AILA Doc No. 12032166 | Dated December 19, 2013
In recent years, increasing amounts of money have been poured into the protection of the border region in the name of national security and immigration enforcement. Since the creation of the Department of Homeland Security in 2003, Customs and Border Patrol's (CBP) budget has nearly doubled from $6 billion in FY 2003 to $11.7 billion for FY 2012. The necessity of these escalating costs is questionable, especially when considering that no clear metrics exist to measure border security and when apprehensions at the border are at their lowest in 40 years.
Over the last four years a regional humanitarian crisis in the Northern Triangle of Central America has resulted in an escalation in the movement of unaccompanied alien children and families toward the U.S. southern border. Although the United States is the largest country in the region, with the most developed asylum and humanitarian protection regime, this humanitarian crisis is affecting the entire Central American region.
The current immigration reform debate provides an opportunity to identify clear and reasonable border security goals that move beyond strategies focused solely on increasing spending at the Southern border. An effective border security plan must be based on performance metrics and measurable standards of border safety that are both achievable and fiscally responsible. Moreover, in order for border security reform to be successful, it must be done as a part of a larger immigration reform effort that includes legalization of the undocumented and reforms to the legal immigration system.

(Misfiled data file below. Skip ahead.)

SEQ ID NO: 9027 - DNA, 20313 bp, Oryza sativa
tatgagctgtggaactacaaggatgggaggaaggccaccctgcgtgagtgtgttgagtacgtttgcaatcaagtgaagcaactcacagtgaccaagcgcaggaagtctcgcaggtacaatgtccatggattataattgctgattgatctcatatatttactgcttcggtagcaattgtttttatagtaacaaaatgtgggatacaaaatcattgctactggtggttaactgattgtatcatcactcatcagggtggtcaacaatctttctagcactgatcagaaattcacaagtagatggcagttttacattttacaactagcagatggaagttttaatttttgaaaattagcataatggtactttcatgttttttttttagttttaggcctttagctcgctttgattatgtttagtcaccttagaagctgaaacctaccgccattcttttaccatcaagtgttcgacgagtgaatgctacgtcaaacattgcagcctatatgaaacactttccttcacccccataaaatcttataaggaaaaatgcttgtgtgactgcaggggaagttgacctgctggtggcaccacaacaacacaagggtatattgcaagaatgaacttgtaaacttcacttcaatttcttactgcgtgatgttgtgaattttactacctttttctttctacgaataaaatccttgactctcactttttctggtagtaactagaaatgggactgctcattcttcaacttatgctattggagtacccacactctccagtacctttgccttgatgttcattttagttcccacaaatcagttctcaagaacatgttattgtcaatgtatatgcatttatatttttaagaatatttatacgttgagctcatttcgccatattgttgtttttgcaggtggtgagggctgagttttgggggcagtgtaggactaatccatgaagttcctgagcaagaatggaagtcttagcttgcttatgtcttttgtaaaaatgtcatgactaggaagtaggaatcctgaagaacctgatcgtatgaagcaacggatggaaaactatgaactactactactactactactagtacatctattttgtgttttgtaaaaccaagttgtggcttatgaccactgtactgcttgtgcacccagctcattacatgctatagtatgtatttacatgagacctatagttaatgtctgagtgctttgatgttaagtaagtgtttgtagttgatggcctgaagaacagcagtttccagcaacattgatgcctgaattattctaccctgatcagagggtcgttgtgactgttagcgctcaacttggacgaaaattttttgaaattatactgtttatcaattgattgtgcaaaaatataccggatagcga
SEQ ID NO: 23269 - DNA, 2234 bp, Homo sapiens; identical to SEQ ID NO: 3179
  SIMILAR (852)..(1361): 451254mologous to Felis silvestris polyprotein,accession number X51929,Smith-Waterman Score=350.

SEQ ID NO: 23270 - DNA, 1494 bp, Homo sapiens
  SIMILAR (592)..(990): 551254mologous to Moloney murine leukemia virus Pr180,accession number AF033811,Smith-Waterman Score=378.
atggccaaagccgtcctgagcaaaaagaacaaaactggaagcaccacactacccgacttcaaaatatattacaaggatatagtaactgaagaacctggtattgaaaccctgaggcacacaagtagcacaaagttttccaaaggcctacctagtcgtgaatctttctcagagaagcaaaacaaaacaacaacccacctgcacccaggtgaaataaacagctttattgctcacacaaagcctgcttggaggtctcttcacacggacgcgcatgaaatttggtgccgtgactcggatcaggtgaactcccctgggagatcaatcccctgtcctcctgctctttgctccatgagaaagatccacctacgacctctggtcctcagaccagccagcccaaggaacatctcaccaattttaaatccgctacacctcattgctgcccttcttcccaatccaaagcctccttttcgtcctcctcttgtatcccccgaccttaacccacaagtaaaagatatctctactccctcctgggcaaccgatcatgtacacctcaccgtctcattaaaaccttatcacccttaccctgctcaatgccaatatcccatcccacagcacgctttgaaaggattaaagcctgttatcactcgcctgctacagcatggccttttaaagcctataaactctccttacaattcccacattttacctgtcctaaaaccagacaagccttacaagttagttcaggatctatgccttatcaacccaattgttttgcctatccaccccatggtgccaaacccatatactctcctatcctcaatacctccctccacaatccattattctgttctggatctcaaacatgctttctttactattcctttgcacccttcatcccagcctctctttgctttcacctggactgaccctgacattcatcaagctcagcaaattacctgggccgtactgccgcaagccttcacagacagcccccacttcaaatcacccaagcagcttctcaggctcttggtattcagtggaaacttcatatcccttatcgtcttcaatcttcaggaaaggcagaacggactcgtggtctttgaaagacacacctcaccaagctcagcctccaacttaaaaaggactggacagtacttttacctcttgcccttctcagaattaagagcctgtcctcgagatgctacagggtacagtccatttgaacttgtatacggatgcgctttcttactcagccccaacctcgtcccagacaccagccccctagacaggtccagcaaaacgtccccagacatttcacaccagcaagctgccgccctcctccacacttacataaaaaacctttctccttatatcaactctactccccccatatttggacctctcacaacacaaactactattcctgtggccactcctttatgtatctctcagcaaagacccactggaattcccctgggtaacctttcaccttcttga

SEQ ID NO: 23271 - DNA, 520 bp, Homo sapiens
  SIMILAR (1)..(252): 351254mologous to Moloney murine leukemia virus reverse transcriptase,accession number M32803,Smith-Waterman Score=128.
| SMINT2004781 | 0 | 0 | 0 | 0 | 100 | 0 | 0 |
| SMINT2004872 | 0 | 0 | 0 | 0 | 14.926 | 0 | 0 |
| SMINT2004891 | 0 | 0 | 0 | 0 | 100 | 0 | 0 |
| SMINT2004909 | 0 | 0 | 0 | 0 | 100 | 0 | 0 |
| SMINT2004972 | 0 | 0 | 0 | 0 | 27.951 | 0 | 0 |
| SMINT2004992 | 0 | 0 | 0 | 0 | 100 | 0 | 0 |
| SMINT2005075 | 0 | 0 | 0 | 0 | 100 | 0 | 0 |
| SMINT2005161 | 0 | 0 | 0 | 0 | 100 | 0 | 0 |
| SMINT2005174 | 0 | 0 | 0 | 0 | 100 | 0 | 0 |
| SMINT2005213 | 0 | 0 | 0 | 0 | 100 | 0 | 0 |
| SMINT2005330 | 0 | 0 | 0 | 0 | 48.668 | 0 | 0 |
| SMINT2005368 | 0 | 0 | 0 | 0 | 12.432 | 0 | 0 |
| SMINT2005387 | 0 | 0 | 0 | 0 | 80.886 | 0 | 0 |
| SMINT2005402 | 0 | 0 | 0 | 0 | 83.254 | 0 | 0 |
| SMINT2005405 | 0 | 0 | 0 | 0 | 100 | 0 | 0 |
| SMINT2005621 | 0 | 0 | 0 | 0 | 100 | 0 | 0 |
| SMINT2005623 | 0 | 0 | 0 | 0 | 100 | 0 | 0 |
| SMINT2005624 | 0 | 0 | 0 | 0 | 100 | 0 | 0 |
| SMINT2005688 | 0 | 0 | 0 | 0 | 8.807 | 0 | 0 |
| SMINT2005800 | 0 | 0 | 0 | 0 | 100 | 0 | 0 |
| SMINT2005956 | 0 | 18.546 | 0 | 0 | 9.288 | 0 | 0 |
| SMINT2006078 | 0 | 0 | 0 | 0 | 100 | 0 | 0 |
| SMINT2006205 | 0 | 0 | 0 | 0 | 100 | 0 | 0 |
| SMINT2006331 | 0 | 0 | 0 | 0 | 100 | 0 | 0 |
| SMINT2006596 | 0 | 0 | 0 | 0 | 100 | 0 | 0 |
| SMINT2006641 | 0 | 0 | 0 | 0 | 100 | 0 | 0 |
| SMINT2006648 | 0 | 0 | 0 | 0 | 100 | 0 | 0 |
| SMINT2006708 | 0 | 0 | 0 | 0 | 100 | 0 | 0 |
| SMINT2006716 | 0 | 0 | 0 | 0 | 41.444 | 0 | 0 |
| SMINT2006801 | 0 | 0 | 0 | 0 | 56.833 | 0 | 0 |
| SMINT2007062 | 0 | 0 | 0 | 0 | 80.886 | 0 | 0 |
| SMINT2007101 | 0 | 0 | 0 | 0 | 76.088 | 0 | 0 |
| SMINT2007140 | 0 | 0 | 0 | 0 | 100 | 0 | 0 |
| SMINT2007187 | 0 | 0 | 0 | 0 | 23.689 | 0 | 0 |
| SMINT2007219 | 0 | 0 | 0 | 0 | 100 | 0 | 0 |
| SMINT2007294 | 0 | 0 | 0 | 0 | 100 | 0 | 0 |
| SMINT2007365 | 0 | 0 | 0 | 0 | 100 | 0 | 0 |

On January 30, 2013 AILA released their report, Border Security: Moving Beyond Past Benchmarks, that urges lawmakers to move beyond massive expenditure on resource buildup at the border. (AILA Doc. No. 13013051.) This report examines past immigration reform proposals, specifically the 2006, 2007, and 2010 Senate bills (S. 2611, S.1639, and S.3932), and evaluates the proposals in these four areas: operational control, border personnel, border infrastructure and technology, and detention.
Cite as AILA InfoNet Doc. No. 12032166.